Scrutinise the first citizen
What do we do to make sure they're worthy of the job?
THERE are many told and untold stories about US President Barack Obama's tortuous road to become the world's most powerful politician.
Law enforcement agencies in the United States subjected him and his family to all manner of checks.
Every needle-like detail about his personal conduct, citizenship, religion and academic background was investigated.
Wherever they smelt hidden skeletons in Obama's proverbial cupboard, the media and state agencies would rush to seek to verify their existence.
Every little insignificant detail about alleged misdemeanours were painstakingly probed.
They went to Kenya, the birthplace of his father, to verify his origins.
Some went to search for his university essays. They pored through journal articles he had written or edited while a law academic.
The conservative media and cartoonists had a field day, depicting him in a manner that would make Americans shun him.
If he wasn't a Muslim fundamentalist, he was a socialist - the types that go against America's predominant values. On the face of it, the actions of all these people and institutions meant they were hell-bent on finding something they could use to block Obama's rise to power.
And, of course, some of it was racist. Some of it was motivated by the fear of the unknown: What would the first black president do for a declining superpower now being challenged by what the Newsweek columnist Fareed Zakaria described as the "rise of the rest"?
Regardless of the motives of the media and the investigative agencies, and whatever they did in their attempt to scrutinise Obama, it was ultimately in the national interest of the US.
The election of a flawed individual could embarrass the proud American nation. A serious candidate should be someone who would pursue America's national interests, whatever these interests are to Americans.
These background checks are normal practice in the US to ensure the first citizen is not one whose persona is a contradiction of American values.
Admittedly, they were more stringent on Obama than with other presidents. They wanted to make sure that other than different approaches to his Democratic Party challenger and the ideological gulf between his party and the Republicans, he wasn't a "strange breed" who would "hollow out" America's liberal constitution.
But such background checks are not foolproof. Richard Nixon was forced to quit the White House after Watergate. Bill Clinton dented the image of the office with the Monica Lewinsky affair. And George W Bush, a warmonger, left America's finances bleeding with his cowboy war strategies.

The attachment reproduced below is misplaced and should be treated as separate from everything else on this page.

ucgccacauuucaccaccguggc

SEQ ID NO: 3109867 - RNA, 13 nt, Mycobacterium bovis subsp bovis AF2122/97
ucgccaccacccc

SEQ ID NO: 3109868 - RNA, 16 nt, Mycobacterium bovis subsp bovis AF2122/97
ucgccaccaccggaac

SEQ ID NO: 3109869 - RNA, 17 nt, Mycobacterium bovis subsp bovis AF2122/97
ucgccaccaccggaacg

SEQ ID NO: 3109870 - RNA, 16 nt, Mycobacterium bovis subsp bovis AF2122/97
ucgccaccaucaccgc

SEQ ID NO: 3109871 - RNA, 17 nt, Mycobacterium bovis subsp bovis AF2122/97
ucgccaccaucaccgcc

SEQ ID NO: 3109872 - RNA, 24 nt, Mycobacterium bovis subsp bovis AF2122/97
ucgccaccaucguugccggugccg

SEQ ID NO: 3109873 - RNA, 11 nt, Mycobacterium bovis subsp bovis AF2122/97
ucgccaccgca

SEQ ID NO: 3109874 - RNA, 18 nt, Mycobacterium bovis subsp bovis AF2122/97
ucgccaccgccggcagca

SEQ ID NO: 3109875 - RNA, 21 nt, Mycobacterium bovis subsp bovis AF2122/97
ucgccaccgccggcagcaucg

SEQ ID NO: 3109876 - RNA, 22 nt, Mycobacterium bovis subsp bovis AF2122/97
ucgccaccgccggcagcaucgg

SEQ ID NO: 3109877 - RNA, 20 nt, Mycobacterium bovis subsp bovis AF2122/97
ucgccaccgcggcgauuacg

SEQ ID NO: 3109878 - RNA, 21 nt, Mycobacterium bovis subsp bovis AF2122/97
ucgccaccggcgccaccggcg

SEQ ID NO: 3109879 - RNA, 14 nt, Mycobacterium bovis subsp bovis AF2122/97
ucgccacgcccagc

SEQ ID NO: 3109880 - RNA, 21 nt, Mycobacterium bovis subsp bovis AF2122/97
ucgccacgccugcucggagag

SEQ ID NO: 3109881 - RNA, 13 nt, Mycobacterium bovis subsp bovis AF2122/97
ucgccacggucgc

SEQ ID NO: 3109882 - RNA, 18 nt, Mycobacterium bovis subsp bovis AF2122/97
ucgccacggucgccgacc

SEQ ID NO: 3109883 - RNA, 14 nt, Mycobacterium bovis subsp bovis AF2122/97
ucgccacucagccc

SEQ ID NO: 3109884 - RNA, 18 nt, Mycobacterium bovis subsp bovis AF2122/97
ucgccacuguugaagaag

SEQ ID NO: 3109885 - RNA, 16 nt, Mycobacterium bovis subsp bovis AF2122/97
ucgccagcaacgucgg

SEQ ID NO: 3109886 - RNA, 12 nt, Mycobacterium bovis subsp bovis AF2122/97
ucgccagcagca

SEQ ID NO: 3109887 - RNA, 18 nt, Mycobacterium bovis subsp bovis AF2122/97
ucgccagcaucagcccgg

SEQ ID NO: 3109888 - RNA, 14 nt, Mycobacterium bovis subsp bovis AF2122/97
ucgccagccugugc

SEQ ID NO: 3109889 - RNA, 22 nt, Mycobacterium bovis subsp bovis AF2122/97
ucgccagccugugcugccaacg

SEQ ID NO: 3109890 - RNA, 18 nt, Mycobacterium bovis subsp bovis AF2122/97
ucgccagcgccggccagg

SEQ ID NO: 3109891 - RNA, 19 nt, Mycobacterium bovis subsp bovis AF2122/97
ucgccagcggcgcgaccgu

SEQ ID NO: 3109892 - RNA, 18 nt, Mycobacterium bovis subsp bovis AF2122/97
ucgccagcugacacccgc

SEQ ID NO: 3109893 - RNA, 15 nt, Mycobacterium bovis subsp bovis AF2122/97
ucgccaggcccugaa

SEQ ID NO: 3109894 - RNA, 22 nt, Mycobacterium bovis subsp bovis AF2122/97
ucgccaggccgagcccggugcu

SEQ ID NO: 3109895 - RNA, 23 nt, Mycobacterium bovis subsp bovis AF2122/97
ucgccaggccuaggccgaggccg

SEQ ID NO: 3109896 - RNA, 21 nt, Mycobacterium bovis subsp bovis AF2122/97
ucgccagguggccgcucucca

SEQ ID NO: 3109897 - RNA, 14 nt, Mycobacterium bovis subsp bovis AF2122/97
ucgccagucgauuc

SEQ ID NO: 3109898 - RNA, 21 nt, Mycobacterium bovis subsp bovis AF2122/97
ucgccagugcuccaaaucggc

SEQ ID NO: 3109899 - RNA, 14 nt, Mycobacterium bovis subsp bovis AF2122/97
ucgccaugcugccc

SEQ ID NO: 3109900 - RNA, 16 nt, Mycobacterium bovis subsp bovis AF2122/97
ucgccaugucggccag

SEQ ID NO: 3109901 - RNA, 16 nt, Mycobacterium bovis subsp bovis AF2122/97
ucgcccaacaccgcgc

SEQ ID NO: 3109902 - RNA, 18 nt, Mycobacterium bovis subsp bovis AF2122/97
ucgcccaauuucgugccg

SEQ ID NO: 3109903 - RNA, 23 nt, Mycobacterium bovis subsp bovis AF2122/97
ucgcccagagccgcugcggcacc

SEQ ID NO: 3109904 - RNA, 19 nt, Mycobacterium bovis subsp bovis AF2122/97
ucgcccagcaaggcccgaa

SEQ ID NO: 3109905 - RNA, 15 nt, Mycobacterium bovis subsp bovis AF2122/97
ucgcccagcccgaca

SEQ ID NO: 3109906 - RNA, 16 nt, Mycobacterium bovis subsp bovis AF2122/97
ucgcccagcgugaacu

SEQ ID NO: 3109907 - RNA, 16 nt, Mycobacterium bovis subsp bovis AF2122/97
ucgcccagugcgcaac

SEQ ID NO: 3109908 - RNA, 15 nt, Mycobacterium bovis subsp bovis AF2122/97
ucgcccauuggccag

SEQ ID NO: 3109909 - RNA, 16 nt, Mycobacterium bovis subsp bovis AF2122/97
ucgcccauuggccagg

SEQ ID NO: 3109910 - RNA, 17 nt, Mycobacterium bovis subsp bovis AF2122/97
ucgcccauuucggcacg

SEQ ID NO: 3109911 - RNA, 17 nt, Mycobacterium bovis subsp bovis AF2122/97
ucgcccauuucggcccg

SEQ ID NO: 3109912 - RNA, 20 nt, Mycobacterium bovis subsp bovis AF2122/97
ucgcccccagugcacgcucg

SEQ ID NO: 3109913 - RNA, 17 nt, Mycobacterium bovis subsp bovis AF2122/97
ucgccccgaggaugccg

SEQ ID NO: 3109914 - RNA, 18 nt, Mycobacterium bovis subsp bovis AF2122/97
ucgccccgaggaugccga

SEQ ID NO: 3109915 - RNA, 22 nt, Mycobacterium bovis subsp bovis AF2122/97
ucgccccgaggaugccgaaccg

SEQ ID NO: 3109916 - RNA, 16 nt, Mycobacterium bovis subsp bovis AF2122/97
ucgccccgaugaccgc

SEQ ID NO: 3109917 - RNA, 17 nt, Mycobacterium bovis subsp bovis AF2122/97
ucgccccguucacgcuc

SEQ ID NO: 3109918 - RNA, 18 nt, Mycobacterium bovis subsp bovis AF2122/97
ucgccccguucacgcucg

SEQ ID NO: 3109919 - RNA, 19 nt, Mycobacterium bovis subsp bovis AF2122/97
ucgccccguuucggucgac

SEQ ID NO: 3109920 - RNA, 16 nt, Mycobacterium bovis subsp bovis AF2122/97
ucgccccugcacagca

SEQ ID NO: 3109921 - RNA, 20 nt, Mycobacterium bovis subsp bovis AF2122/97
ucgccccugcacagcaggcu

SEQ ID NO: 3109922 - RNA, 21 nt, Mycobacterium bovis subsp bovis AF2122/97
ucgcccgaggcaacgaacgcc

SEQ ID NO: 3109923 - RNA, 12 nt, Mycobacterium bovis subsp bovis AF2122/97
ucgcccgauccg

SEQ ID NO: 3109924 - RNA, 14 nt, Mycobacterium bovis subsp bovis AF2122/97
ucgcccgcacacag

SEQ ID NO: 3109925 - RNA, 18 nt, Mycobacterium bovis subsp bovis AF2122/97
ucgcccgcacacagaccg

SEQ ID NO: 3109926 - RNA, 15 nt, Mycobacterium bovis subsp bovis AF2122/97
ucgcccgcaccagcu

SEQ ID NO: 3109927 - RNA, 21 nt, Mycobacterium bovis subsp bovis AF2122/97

But these setbacks wouldn't have been foreseen and do not negate the significance of leadership scrutiny.
In South Africa what do we do to ensure our first citizen is worthy of the top job, aside from being the favourite of the powerful faction of the ruling party (not necessarily of the public)?.
How do we ensure that which is publicly known about our presidential candidates is used to make a judgment call?
Much is done in South Africa to vet civil servants. The level of vetting by the National Intelligence Agency (NIA) depends on the level of the position they are applying for or hold.
The higher the post the more intense and personal the vetting. If you have bad credit records or have had a brush with the law, chances are that you may not be eligible for certain positions. In some cases chief directors, deputy directors and directors-general are subjected to polygraph tests.
There are questions about the number of girlfriends or boyfriends you have and your credit records.
All of these are meant to protect public office from abuse by dishonest people.
Some of the more adverse findings are tolerated, though they help supervisors of the candidate concerned to be on the watch for blind spots. It helps departments to understand the risk profiles of civil servants.
If done properly, vetting could block many crooks from accessing public money.
Is it not possible to extract the best practices from the civil service and apply it to our top political leaders?
The powers vested in the president by the Constitution are far-reaching.
They include protecting and advancing the Constitution, declaring war, signing bills into law, appointing ministers, judges and other leaders of state institutions and representing the country abroad.
Should we accept that not everyone who happens to be supported by a bigger faction of a ruling party can exercise such powers with the necessary diligence and care?
Shouldn't we develop criteria of what makes the best leader who would add value to the presidency and the country?
Elements of these criteria are contained in some of the ANC documents.
For example, the importance of academic qualification (Organisational renewal document, 2012); exemplary conduct (Strategy and tactics document, 2007) and moral rectitude (Through the eye of the needle, 2001).
That criterion could be the basis of a thorough vetting process undertaken by all South African citizens who stand to be governed by the prospective presidential candidates.
We won't produce a perfect leader, but we would be saying something about the type of a person who should govern us.
Such a serious issue cannot wait for ANC Youth League factional interests. As the present political crisis shows, these interests were narrow and short-term.